It has been shown by Molenaar, Dolan, and Wicherts (2009) that large samples are required to attain sufficient power in order to detect a mean difference in MGCFA models. Here, we have such a large sample, and in order to ensure sufficient power we carry out the analysis in the entire sample aged 23 years and older. A more profound difficulty is that most analyses have failed to separate out measurement issues from structural analyses. In doing so, authors have simply followed recommended practice (Chen, Sousa, & West, 2005). The problem is that for cross group comparisons to be valid scalar invariance must hold (Widaman & Reise, 1997). To establish scalar invariance multiple congeneric measures at the first order factor level are required (Widaman & Reise, 1997), but to date, no study including the current one, has had access to multiple measures. However, we adopt a somewhat novel solution by simply recognizing that testing of metric invariance is the most that we can achieve with only one measure for each construct.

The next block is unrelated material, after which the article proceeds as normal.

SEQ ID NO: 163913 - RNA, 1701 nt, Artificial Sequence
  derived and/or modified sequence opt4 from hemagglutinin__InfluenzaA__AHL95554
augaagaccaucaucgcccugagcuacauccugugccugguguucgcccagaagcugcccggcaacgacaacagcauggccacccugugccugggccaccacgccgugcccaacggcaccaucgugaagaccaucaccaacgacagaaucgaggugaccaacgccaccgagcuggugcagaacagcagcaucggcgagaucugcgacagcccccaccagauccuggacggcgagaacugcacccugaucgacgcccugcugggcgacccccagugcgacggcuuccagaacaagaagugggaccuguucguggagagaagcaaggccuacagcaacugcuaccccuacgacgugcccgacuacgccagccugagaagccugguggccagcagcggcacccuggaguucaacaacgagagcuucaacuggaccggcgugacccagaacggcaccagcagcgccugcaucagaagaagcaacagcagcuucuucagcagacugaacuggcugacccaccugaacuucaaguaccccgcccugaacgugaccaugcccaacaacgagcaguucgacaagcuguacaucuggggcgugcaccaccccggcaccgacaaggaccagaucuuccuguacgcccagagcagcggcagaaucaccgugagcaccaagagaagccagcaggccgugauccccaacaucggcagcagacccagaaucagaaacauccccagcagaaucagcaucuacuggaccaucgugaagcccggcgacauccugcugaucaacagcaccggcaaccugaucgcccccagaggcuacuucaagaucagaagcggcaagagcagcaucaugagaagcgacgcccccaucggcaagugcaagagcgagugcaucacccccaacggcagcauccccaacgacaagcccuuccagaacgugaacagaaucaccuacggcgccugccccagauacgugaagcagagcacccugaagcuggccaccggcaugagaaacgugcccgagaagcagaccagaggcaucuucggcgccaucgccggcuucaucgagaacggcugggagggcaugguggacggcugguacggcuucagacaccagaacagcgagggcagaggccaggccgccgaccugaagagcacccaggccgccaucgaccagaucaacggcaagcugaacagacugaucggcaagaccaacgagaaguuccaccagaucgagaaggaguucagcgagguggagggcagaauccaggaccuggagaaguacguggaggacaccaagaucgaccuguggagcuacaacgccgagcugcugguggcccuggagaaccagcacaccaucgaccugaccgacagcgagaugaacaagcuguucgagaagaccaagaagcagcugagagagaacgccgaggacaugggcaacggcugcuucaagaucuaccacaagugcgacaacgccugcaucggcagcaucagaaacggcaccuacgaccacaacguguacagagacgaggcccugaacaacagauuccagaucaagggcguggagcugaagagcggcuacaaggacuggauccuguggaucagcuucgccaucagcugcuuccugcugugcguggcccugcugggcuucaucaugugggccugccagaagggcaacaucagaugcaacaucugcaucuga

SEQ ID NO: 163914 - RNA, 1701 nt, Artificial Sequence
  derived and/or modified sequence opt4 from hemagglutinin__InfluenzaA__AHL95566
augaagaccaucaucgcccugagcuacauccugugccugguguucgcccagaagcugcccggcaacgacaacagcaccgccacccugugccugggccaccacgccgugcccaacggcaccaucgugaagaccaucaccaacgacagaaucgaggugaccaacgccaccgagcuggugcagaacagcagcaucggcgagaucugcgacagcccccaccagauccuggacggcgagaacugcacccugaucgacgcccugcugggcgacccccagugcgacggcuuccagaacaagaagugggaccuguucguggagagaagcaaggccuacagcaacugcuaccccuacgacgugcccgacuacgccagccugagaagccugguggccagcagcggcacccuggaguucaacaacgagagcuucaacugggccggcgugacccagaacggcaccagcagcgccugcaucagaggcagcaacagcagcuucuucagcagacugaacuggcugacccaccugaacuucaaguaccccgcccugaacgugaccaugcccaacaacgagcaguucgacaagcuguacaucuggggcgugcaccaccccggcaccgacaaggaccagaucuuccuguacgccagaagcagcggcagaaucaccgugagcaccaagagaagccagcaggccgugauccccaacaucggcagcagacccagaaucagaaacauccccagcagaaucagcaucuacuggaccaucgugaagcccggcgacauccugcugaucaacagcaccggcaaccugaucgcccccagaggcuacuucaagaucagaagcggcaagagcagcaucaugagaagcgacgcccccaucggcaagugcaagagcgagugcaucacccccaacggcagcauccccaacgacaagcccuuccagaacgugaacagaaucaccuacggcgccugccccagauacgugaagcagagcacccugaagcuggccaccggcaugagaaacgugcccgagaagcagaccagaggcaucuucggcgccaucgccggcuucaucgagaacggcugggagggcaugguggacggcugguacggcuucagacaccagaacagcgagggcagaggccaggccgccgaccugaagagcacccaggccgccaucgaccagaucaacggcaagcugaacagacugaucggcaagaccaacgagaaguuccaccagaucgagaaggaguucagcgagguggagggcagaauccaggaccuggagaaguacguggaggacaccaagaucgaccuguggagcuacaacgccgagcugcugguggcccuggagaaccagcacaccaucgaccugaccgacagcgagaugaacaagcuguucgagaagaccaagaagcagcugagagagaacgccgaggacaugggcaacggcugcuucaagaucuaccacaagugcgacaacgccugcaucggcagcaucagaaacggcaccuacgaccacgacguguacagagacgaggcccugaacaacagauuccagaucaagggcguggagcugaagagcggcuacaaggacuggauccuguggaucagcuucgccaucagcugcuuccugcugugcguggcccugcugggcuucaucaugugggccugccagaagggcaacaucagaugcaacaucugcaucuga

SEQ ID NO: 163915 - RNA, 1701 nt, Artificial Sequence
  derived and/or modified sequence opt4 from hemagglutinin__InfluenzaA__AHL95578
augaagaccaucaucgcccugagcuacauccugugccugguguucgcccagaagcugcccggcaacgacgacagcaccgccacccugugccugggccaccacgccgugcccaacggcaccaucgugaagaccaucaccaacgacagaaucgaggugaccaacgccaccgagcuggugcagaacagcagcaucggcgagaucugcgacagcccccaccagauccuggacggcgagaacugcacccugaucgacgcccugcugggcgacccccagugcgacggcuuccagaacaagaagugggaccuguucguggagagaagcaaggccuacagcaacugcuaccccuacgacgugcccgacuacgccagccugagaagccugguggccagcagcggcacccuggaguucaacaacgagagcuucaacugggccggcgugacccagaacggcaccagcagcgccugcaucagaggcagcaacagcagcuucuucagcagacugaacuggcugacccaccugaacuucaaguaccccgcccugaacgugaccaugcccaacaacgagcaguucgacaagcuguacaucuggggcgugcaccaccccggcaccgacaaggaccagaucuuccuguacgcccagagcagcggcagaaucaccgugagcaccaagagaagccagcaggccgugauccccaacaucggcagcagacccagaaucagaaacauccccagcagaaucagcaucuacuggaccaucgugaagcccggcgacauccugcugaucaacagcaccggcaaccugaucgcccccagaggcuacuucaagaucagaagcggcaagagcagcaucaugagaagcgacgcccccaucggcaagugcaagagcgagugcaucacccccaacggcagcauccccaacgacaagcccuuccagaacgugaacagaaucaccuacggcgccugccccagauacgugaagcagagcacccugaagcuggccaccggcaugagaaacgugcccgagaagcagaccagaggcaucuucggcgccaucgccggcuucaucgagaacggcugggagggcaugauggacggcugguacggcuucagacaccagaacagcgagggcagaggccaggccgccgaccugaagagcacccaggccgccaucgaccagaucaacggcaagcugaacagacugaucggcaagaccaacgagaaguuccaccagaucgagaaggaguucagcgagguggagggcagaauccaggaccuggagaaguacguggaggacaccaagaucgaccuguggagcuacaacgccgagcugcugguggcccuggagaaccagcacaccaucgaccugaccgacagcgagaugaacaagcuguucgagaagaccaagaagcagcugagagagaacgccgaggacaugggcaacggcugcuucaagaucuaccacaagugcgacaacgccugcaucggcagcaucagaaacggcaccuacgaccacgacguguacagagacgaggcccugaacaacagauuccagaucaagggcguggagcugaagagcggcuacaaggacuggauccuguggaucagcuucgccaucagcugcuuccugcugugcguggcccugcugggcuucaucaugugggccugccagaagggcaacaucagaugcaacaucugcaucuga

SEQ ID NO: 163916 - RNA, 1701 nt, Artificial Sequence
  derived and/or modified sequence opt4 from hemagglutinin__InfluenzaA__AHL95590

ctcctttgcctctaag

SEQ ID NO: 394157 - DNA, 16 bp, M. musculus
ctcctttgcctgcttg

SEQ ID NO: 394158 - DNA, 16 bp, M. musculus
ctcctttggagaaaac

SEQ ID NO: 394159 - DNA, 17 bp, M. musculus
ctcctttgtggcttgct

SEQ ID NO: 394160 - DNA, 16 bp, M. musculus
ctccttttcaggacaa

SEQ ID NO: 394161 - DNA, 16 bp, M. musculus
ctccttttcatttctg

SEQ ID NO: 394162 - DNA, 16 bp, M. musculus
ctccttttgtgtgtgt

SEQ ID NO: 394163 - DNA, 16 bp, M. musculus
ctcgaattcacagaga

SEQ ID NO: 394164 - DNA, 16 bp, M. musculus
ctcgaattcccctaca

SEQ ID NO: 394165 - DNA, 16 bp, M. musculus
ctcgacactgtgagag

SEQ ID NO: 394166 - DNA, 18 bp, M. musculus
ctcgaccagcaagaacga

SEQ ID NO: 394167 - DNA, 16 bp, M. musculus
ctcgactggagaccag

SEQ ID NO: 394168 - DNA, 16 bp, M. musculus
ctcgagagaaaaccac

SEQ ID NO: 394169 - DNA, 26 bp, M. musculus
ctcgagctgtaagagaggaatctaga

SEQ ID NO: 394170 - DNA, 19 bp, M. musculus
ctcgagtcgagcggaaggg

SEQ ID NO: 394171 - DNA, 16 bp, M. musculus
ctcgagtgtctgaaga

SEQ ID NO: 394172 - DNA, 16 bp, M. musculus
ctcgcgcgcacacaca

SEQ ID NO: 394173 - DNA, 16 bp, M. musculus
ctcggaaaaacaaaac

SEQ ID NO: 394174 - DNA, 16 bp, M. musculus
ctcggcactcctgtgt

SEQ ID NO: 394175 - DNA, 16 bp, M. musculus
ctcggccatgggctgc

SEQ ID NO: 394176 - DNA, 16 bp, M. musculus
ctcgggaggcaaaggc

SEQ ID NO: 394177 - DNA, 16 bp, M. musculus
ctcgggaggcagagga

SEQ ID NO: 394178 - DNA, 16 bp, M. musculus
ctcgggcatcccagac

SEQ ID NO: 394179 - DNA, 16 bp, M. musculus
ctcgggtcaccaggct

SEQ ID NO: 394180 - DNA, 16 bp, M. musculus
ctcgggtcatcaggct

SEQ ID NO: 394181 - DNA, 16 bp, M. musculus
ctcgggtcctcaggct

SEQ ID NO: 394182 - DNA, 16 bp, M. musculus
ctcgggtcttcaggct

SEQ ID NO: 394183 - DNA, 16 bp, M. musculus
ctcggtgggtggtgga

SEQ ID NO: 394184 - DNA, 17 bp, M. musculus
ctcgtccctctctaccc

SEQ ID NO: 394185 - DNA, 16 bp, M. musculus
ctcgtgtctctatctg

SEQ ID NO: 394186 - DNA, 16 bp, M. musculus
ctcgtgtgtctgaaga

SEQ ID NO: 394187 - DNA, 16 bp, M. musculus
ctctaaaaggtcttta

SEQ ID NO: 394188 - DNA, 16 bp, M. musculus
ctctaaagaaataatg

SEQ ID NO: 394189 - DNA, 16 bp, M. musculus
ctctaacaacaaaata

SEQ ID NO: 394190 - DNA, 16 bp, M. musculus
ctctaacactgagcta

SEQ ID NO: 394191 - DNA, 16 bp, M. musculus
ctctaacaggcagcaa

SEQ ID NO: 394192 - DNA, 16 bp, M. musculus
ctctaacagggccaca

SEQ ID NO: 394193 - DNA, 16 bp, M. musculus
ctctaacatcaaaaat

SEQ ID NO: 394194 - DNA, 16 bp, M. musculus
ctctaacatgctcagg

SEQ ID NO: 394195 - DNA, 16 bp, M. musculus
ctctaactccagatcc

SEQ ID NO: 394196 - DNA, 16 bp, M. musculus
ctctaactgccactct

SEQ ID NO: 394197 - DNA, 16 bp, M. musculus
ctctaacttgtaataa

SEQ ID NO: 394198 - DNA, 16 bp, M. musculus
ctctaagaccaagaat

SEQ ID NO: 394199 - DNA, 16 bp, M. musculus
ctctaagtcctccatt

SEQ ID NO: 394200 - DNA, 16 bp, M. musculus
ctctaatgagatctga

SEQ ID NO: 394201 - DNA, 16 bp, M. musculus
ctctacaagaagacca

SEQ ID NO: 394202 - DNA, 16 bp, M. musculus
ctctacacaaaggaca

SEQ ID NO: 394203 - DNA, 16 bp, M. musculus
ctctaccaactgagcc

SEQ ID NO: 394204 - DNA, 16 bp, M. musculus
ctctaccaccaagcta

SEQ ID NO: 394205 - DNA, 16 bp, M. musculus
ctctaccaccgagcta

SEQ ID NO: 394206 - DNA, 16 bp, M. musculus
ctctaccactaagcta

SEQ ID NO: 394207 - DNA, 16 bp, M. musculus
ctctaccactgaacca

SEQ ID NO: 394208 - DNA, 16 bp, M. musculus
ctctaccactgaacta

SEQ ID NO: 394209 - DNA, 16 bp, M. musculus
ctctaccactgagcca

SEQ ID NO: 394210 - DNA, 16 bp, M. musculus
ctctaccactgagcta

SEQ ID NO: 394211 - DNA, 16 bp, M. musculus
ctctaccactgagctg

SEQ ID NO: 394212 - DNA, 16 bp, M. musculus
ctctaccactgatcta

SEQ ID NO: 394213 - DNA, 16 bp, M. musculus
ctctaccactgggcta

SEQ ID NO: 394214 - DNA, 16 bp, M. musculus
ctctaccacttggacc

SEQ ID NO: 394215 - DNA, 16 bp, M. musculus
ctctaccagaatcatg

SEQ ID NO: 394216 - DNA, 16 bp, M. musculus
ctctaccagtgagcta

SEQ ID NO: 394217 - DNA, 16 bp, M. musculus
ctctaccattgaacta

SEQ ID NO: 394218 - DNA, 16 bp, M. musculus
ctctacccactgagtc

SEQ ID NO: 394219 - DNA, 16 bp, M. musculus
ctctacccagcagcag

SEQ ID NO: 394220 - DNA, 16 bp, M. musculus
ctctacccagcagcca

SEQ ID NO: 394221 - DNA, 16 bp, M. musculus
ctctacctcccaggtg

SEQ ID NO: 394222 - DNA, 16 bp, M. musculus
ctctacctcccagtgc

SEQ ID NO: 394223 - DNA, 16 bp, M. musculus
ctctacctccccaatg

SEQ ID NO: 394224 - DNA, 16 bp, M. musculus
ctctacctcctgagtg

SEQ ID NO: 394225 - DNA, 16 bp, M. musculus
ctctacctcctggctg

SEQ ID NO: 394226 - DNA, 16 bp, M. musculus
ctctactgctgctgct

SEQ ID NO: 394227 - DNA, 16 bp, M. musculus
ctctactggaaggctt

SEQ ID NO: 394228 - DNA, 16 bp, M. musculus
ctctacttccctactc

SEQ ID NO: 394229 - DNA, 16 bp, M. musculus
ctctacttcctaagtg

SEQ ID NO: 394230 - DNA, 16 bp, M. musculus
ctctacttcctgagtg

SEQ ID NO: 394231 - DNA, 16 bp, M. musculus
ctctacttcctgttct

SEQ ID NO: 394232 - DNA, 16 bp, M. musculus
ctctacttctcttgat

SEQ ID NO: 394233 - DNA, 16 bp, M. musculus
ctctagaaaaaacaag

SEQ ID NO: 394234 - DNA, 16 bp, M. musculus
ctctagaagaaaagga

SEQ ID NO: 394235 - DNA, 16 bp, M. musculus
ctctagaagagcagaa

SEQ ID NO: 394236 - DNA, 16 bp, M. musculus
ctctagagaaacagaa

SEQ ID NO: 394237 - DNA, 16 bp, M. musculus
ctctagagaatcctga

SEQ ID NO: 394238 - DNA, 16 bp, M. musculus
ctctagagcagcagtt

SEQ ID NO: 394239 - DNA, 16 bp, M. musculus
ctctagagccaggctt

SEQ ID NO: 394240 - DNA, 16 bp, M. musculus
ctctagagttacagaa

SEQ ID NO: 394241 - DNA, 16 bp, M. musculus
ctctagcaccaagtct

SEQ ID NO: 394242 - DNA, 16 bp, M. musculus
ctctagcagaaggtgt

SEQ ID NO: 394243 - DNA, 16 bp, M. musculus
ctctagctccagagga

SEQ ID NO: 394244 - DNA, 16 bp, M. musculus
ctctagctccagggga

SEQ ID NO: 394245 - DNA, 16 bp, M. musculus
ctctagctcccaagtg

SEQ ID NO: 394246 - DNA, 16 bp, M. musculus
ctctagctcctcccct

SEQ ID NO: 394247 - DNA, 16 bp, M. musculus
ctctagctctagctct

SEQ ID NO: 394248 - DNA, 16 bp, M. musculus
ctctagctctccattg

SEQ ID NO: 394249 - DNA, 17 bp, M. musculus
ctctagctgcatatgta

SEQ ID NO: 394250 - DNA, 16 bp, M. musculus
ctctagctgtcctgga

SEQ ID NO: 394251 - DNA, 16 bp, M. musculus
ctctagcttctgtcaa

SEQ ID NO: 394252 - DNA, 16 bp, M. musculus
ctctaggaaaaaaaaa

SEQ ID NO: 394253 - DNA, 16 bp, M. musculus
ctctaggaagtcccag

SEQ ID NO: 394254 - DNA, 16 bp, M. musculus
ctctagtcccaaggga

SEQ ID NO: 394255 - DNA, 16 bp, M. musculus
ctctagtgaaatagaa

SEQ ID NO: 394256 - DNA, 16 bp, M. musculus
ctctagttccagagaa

Probably the most serious problem in validly testing for mean differences in MGCFA models is that factors are correlated, and therefore order of testing influences the conclusion. The problem is closely analogous to that presented by post hoc testing in multivariate analysis of variance. Here, in order to achieve an unambiguous conclusion, we present two solutions to this problem. The first followed the practice in stepdown analysis of prioritizing the order of testing according to a mixture of theoretical and practical criteria. We then used a Bonferroni correction in order to control for type 1 error. In the second, we used a Bi-factor model which removes the problem of correlated factors by orthogonalizing them.

I'm not entirely sure what he means after the 1rst sentence in the 1rst paragraph. But anyway, it's true that there seems no consensus again. However, looking at John's reference and mine, you don't see this method applied. Irwing has not been replicated yet, because practioners don't use the method he recommends.